Winning the 'last frontier'Updated: 2013-12-23 07:44
Consultancy says the big opportunities are not BRIC
Chinese automakers should set their eyes on emerging markets other than BRIC countries to find feasible opportunities in their globalization ambitions, said the Boston Consulting Group.
The company's recently released report said rising automotive markets other than the quartet of Brazil, India, Russia and China "offer the last great growth opportunity" in a world where established markets are stagnating and key market shares have already been claimed in BRIC countries.
Trucks for export to Algeria await loading at Lianyungang port, Jiangsu province. North Africa is an emerging "cluster" market that also serves as a gateway to the rest of the continent, said the study. [Wang Chun / For China Daily]
BCG predicted that 88 countries it calls "beyond-BRIC markets" will generate 6 percent annual growth in sales by 2020, four times as fast as the established "Triad Markets" it defines as the United States and Canada, Europe, Japan, and Australia and New Zealand.
By 2020, the beyond-BRIC markets will account for an impressive one-fifth of global new-vehicle sales, said the report.
Companies need to take a unique approach to winning this "last frontier", said BCG experts, especially in the top 15 countries among the group led by Indonesia, South Korea, Iran and Thailand.
"None of the beyond-BRIC markets on their own can generate sales volumes comparable to that of a single BRIC market," said Nikolaus S Lang, a senior partner and coauthor of the report.
But combined, annual sales in the 15 countries are similar to China, the largest vehicle market in the world.
"Companies must think in terms of regional clusters rather than individual markets in order to seize this opportunity," said the report.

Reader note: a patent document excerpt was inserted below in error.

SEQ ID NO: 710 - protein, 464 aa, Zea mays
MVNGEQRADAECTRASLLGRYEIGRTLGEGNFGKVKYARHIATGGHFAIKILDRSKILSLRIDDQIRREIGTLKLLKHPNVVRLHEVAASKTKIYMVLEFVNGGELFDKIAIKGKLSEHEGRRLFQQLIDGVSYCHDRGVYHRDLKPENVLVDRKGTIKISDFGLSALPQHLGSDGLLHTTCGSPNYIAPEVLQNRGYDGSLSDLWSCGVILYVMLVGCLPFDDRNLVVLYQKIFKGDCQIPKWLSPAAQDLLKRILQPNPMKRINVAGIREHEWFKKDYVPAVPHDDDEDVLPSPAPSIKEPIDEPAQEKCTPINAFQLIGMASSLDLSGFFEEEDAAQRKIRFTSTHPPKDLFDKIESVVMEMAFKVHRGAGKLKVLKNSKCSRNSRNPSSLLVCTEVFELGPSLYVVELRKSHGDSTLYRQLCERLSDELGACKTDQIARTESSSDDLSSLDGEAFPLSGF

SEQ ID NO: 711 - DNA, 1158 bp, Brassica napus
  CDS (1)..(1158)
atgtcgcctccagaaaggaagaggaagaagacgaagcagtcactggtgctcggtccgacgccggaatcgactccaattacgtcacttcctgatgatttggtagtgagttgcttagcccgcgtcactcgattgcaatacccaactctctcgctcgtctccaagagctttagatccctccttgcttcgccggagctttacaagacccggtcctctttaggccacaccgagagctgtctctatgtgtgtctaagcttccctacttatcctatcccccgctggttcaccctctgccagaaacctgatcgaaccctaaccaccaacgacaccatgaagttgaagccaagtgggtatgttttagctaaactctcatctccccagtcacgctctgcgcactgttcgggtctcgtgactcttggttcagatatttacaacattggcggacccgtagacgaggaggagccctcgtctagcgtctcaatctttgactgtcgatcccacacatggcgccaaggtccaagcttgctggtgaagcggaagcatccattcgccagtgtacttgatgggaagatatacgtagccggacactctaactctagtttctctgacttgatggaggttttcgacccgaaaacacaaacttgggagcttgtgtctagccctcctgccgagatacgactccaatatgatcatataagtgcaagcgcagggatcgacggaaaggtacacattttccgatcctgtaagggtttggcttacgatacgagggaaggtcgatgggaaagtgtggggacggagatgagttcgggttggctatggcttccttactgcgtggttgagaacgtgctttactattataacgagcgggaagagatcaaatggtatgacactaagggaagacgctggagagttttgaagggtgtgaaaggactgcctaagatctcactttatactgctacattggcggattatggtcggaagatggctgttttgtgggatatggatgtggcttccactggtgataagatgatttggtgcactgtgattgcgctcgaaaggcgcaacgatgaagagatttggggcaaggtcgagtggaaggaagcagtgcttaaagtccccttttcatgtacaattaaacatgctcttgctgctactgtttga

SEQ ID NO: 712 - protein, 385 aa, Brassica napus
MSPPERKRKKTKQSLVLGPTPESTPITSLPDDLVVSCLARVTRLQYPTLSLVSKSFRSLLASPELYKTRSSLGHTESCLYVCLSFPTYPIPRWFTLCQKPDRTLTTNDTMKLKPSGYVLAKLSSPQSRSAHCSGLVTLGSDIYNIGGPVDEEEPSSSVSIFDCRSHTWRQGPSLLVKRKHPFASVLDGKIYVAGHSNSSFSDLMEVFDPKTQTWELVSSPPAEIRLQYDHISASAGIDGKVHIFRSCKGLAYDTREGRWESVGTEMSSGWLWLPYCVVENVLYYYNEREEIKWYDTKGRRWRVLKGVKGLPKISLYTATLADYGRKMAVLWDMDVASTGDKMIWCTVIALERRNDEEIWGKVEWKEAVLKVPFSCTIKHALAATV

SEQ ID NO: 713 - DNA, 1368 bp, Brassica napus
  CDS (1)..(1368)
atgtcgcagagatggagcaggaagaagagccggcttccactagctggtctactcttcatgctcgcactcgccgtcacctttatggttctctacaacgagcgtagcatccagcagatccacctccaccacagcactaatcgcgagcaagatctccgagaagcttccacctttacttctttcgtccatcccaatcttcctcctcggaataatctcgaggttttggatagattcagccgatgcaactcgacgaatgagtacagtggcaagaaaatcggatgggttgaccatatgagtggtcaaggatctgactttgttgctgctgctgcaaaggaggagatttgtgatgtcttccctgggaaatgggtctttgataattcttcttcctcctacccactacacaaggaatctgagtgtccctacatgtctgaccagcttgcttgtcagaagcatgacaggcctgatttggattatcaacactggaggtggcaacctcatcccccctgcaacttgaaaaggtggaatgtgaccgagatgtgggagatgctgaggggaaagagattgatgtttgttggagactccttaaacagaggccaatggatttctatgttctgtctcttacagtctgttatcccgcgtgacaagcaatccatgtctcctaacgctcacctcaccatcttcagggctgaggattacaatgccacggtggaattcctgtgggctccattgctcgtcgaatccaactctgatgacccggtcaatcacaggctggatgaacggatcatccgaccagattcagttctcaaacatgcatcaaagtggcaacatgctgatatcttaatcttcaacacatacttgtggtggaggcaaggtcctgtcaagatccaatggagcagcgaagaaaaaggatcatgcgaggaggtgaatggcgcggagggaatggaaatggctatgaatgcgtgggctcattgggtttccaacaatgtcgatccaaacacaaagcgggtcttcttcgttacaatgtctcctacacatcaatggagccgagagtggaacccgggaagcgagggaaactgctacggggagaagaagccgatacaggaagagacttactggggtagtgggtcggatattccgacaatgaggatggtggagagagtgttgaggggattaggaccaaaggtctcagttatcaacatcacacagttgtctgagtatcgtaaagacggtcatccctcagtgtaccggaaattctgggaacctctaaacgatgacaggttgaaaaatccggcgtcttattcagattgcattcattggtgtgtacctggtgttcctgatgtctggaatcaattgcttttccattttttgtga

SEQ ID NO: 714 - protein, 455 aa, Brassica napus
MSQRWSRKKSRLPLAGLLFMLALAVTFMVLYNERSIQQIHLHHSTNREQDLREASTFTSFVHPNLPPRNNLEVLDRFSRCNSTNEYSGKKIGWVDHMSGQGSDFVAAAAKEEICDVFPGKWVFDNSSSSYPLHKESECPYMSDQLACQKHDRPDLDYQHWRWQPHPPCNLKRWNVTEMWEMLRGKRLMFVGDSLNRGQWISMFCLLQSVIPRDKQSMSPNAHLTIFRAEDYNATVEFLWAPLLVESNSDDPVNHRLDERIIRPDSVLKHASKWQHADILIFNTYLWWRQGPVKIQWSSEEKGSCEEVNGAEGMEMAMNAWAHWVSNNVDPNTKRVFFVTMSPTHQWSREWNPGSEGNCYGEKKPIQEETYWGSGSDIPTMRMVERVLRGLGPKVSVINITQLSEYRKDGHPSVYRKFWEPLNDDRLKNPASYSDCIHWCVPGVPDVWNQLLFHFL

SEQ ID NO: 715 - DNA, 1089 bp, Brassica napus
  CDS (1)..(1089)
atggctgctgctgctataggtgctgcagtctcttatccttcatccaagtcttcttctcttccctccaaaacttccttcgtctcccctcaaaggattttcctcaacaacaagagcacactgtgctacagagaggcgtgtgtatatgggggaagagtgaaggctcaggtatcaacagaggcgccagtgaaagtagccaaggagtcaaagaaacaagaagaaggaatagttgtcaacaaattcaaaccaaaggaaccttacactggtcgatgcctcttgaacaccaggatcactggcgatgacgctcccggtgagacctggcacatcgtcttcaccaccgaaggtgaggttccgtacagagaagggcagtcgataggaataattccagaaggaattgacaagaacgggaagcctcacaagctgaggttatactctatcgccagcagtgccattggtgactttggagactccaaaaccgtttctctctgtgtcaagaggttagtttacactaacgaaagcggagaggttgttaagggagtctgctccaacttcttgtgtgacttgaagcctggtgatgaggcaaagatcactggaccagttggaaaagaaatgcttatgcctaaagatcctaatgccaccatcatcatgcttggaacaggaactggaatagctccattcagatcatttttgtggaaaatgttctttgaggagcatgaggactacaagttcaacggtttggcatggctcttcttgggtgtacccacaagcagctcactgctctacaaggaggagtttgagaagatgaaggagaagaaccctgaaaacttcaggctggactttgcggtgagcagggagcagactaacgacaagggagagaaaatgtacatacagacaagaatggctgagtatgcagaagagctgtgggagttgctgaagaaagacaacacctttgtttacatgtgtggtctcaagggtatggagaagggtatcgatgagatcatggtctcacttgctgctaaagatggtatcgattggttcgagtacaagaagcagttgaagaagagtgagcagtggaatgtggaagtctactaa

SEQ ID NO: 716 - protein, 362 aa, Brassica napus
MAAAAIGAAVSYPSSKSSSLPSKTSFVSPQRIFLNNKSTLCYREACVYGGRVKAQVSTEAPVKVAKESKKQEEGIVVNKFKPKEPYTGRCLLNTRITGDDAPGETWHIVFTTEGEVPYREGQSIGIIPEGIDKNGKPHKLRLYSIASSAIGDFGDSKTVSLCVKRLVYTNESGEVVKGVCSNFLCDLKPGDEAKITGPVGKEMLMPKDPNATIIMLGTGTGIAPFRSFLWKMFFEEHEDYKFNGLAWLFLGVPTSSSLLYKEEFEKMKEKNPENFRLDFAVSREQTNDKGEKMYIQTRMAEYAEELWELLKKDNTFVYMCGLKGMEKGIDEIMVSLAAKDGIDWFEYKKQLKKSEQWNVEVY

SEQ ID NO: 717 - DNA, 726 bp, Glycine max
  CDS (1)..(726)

Four regional clusters
Lang and his coauthors identify four clusters of opportunity for automakers and suppliers based on an analysis of the 88 markets.
"In terms of strategies to enter new markets, the automakers should plan by clusters, not single countries," said Marco Gerrits, a Beijing-based partner at BCG who heads the firm's automotive practice in China.
Southeast Asia offers great opportunity with the markets of Indonesia, Malaysia and Thailand.
The region is expected to have annual sales of 4.6 million units by 2020, making it larger than the estimated Russian market of 4.4 million, said the BCG report.
The emerging Middle East represented by Iran, Saudi Arabia and Turkey is projected sell up to 5.8 million vehicles in 2020, overtaking Brazil's 5.2 million.
The next cluster on the list includes Argentina, Chile, and Colombia, which will possibly have a combined 2.9 million in new-vehicle sales in 2020.
North Africa - with Algeria, Egypt and Morocco - will probably contribute 1.2 million units in annual new-vehicle sales by 2020.
Although it will remain comparatively small, the region is a potential site for promising localization by automakers and the gateway to Africa, said the report.
"These regional clusters should be on the growth list of every automaker and supplier with ambitions to be a truly global player," said Thomas Dauner, a senior partner of BCG.
But each differs significantly in market size, development trends, local capabilities, localization opportunities and customer preferences.
To succeed, companies must reckon with local and regional complexities and adjust business models, according to BCG. They must identify the right product portfolios to cater to diverse customer needs, establish supply chains and production operations that span market boundaries and drive excellence throughout their dealer networks.
Based on more than 70 interviews with senior executives at leading automakers and suppliers, BCG offers several best-practice examples.
"There is always a rainy season in Southeast Asia, so vehicles with higher chassis are very popular in local markets," said Gerrits.
Another case is Fiat's success in Turkey. Like China, the country imposes higher taxes on vehicles with large engine displacements."Fiat equipped a 1.6-liter engine in its original 2.0-liter vehicles to help consumers avoid the high tax and also lower costs in the fuel price-sensitive market," said Gerrits.
The report also said few auto companies have yet managed to dominate these "last-frontier markets".
Gerrits told China Daily he found very few Chinese automakers make "beyond-BRIC markets" the focus of their overseas strategies.
"They need to think over how to survive sustainably in the markets so that reach success in a long run," he said.
"Although many automakers have been successful in one regional cluster, very few have achieved a dominant position across all or even the majority of the clusters. Agile companies will learn and carve out their own path for winning in the last frontier," added Lang.